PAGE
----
I've been an Apple investor since 2006. I recently got out of the stock entirely, because of their guidance. Like the article says they've always guided conservatively and so low guidance wasn't a great reason to sell. They made it really clear during the conference call that their guidance was a range they'd be pretty sure they'd land within, and they wouldn't sandbag any longer.

Well they if you take the data points they guided for in the quarter ending in March and figure out the range of EPS that they can hit using those parameters, then they've guided very low.

Using their ranges, the upper bound is approximately $10.20 EPS, the lower bound is $8.30 EPS. Compare this with the year ago March quarter that had $12.30 EPS. Basically they guided at best 17% drop in profits, and at worst a 32.5% drop in profits Y/Y.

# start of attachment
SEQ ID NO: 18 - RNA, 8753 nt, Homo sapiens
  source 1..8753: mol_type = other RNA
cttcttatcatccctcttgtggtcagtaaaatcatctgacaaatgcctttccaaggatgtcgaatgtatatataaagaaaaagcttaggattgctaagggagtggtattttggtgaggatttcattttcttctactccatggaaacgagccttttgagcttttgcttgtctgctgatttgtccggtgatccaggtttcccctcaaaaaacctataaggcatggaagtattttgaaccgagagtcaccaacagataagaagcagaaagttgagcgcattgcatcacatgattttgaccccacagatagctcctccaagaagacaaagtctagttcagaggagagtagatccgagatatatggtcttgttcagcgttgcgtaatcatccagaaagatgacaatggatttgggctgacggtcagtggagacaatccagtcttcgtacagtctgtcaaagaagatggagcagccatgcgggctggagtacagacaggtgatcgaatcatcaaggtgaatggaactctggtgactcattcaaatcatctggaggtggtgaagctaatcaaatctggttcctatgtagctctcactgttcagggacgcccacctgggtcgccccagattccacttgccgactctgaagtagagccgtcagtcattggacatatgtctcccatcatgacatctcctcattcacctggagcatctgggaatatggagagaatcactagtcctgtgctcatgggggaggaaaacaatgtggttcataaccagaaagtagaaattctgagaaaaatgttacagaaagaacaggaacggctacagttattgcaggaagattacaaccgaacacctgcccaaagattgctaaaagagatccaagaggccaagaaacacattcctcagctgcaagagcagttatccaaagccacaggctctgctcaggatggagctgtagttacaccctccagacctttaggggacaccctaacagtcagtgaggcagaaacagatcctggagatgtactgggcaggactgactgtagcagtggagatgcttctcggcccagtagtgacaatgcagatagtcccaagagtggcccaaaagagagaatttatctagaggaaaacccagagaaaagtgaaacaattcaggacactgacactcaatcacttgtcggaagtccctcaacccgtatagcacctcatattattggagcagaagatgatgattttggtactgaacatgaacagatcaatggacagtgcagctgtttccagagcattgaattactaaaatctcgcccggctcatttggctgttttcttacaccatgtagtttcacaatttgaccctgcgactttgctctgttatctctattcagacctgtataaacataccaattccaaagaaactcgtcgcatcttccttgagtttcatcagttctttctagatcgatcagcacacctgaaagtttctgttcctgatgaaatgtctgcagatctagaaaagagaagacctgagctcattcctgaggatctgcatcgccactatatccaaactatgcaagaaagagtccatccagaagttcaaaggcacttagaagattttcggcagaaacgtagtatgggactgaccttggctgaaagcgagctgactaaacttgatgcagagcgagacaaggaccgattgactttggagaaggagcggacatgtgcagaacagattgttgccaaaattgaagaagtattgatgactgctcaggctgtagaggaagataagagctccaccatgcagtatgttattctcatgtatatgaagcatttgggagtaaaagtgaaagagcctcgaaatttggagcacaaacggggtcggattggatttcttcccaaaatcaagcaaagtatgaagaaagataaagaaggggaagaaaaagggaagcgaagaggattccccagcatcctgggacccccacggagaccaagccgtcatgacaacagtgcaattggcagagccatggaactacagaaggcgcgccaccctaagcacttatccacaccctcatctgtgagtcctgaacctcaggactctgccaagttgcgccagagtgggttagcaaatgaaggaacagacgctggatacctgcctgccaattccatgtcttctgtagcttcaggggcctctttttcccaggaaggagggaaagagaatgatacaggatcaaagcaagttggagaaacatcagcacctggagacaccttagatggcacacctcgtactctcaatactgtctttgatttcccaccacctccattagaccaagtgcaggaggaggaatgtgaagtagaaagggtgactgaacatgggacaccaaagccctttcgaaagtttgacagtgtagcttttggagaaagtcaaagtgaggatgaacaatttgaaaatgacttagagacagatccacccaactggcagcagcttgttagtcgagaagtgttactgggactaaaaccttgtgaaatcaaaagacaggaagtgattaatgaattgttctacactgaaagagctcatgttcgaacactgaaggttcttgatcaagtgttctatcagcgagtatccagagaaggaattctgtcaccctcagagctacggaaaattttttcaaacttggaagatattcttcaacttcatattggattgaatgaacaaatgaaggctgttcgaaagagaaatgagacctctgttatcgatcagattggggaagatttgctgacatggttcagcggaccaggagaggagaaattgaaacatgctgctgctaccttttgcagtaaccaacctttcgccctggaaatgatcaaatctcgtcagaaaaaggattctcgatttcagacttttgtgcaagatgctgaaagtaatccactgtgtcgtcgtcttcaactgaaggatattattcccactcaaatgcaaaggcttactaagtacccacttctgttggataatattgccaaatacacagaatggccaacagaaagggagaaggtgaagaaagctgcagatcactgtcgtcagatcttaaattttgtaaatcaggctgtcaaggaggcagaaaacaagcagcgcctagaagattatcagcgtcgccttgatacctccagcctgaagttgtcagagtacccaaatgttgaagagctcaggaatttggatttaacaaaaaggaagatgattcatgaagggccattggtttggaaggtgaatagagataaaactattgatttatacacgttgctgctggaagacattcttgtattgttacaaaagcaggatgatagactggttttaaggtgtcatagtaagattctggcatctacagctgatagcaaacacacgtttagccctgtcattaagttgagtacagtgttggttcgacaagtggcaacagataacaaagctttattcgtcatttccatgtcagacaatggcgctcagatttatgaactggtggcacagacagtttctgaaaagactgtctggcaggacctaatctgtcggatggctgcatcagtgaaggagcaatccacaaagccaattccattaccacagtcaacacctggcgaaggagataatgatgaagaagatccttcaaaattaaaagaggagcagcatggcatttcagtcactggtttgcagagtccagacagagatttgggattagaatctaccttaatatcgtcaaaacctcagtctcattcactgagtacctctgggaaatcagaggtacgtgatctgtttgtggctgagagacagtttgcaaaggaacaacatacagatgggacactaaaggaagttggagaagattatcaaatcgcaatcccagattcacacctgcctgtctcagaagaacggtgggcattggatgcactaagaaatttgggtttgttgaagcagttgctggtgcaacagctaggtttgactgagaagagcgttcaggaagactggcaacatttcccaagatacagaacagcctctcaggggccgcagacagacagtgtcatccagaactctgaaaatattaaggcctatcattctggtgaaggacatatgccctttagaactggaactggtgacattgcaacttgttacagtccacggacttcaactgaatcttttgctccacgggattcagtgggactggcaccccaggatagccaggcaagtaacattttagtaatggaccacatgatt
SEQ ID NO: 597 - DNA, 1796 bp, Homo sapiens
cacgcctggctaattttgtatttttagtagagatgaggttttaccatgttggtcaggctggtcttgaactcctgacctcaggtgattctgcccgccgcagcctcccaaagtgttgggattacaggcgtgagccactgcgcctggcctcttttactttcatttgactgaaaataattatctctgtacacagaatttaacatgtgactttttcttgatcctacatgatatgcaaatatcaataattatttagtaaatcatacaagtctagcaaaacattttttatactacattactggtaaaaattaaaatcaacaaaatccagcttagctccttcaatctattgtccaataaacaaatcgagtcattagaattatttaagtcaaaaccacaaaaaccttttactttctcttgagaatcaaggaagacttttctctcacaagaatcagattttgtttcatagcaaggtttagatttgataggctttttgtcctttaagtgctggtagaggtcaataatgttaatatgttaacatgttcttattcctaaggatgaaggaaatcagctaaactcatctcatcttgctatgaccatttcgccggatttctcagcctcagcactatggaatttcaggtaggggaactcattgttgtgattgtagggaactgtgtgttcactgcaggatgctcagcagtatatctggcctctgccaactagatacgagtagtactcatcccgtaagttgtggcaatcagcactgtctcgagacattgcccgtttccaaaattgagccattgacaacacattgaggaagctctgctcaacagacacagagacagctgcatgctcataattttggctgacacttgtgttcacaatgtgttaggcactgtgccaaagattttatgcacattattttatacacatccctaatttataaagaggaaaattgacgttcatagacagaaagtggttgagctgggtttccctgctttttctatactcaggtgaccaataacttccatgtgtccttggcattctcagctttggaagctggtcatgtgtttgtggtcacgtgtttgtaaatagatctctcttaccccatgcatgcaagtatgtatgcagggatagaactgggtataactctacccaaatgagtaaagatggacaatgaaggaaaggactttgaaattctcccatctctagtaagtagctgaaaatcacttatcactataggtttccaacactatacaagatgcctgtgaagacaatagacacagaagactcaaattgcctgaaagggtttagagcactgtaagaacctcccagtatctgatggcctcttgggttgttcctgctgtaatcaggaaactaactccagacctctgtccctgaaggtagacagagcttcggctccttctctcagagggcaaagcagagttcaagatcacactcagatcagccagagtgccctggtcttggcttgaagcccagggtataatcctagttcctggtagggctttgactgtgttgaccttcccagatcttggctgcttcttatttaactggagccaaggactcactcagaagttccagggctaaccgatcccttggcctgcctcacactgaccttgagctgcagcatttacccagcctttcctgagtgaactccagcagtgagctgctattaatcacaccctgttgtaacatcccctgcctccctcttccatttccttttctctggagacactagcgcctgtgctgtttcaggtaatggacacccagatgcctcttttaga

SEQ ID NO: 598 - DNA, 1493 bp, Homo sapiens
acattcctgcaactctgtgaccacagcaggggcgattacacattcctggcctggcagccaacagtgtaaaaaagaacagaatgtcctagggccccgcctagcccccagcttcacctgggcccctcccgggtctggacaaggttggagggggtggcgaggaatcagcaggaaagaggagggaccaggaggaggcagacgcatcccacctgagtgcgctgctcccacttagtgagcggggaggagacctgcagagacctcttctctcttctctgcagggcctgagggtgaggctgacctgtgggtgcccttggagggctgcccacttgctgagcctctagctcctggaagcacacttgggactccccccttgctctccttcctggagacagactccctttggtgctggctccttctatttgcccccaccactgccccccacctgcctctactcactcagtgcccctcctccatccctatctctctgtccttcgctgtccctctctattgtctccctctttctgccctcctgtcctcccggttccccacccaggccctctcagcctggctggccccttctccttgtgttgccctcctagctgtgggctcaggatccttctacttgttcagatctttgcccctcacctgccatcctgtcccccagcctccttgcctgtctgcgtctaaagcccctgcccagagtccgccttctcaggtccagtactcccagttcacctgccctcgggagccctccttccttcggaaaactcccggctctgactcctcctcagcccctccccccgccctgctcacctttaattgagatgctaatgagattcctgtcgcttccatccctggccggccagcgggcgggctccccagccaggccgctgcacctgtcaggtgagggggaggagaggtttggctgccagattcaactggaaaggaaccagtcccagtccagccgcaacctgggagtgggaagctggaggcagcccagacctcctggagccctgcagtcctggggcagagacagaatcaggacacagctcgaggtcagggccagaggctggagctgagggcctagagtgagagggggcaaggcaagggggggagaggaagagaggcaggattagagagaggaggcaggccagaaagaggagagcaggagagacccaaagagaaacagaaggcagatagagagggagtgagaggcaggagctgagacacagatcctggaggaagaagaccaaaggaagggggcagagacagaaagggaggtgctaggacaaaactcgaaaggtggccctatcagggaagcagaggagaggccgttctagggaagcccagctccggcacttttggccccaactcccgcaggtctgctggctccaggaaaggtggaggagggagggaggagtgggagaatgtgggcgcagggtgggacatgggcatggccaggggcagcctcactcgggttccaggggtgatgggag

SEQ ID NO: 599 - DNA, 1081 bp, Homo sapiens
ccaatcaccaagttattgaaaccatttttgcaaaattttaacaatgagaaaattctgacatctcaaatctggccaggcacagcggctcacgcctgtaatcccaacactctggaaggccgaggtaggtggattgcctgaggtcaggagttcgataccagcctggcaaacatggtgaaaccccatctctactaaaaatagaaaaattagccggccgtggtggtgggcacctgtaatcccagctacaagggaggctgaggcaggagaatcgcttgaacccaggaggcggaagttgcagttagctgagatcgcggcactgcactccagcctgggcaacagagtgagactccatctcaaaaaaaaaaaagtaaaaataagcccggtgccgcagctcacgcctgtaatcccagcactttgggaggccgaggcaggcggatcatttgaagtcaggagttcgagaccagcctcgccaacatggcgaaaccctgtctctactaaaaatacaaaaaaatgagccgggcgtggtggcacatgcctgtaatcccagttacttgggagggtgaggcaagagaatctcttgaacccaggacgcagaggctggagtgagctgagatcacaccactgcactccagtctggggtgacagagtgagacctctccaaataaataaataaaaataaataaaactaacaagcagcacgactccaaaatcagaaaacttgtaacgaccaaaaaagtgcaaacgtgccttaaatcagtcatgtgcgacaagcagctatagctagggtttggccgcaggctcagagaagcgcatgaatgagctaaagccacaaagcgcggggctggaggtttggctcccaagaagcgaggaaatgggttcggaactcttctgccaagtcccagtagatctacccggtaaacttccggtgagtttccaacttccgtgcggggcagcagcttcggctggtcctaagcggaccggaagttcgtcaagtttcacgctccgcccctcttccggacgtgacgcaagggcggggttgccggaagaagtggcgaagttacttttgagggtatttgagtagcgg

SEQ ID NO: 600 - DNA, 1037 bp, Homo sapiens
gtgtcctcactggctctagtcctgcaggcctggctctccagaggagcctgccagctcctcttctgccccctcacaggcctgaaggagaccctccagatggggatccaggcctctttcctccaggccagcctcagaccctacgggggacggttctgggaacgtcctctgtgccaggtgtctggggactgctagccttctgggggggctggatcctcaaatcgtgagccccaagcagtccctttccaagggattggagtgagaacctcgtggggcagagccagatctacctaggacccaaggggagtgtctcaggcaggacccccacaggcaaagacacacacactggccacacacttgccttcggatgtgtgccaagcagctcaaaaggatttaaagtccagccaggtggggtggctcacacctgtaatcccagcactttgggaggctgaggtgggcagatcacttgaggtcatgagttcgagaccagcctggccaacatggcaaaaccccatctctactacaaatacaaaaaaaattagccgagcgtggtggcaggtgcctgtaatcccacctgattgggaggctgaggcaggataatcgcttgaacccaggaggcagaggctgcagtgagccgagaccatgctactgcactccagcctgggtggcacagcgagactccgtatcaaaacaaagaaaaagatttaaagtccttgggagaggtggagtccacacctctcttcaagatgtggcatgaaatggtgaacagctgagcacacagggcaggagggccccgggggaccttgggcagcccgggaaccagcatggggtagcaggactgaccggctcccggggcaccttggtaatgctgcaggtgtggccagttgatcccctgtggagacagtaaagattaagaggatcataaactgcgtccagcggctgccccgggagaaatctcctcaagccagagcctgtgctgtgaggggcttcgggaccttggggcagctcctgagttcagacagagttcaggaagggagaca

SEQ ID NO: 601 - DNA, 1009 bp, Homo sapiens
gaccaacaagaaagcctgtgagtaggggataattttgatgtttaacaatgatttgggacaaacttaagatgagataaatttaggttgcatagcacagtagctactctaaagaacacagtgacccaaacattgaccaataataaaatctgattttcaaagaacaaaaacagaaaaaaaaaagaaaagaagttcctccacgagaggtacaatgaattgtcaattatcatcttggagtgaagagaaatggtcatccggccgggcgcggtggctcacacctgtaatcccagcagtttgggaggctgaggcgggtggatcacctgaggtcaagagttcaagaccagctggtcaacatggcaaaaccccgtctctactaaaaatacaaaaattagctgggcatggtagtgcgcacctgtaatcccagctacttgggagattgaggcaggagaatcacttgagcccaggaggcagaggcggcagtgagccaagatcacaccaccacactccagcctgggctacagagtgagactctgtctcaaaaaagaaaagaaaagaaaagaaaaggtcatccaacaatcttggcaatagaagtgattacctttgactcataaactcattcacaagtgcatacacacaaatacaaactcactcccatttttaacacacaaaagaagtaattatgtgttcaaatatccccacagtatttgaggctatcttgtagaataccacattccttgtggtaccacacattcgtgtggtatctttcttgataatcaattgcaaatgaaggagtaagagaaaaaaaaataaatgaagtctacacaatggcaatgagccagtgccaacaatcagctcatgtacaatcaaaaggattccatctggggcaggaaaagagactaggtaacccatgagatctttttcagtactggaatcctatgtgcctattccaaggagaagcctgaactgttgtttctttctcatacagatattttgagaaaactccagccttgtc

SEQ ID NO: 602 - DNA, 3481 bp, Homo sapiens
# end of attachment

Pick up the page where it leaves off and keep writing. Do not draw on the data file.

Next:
No one is going to be happy with that. If they're not growing profits, then a P/E in the range of 8-11 is probably pretty fair for a company of their size, and that's exactly the range they're in right now. So the market has done a pretty good job of pricing them accordingly.

I don't think the price drop has anything to do with the holiday quarter, that was a great quarter for them. It's this next one that's not going to be good, especially if they're serious about not low-balling estimates.

While I agree with almost everything you say, I think Apple's plan to adjust their device release schedules has totally destroyed any quarterly YoY comparison. I think a yearly YoY comparison makes more sense, but the damage is already done, and I think Apple deserves a lot of blame for their inability to deliver good numbers. Apple should not be production constrained on the iPhone 4, a 2 year old phone. Samsung doesn't seem to have the same production problems Apple does. They churned out something like 90M more phones last year than Apple.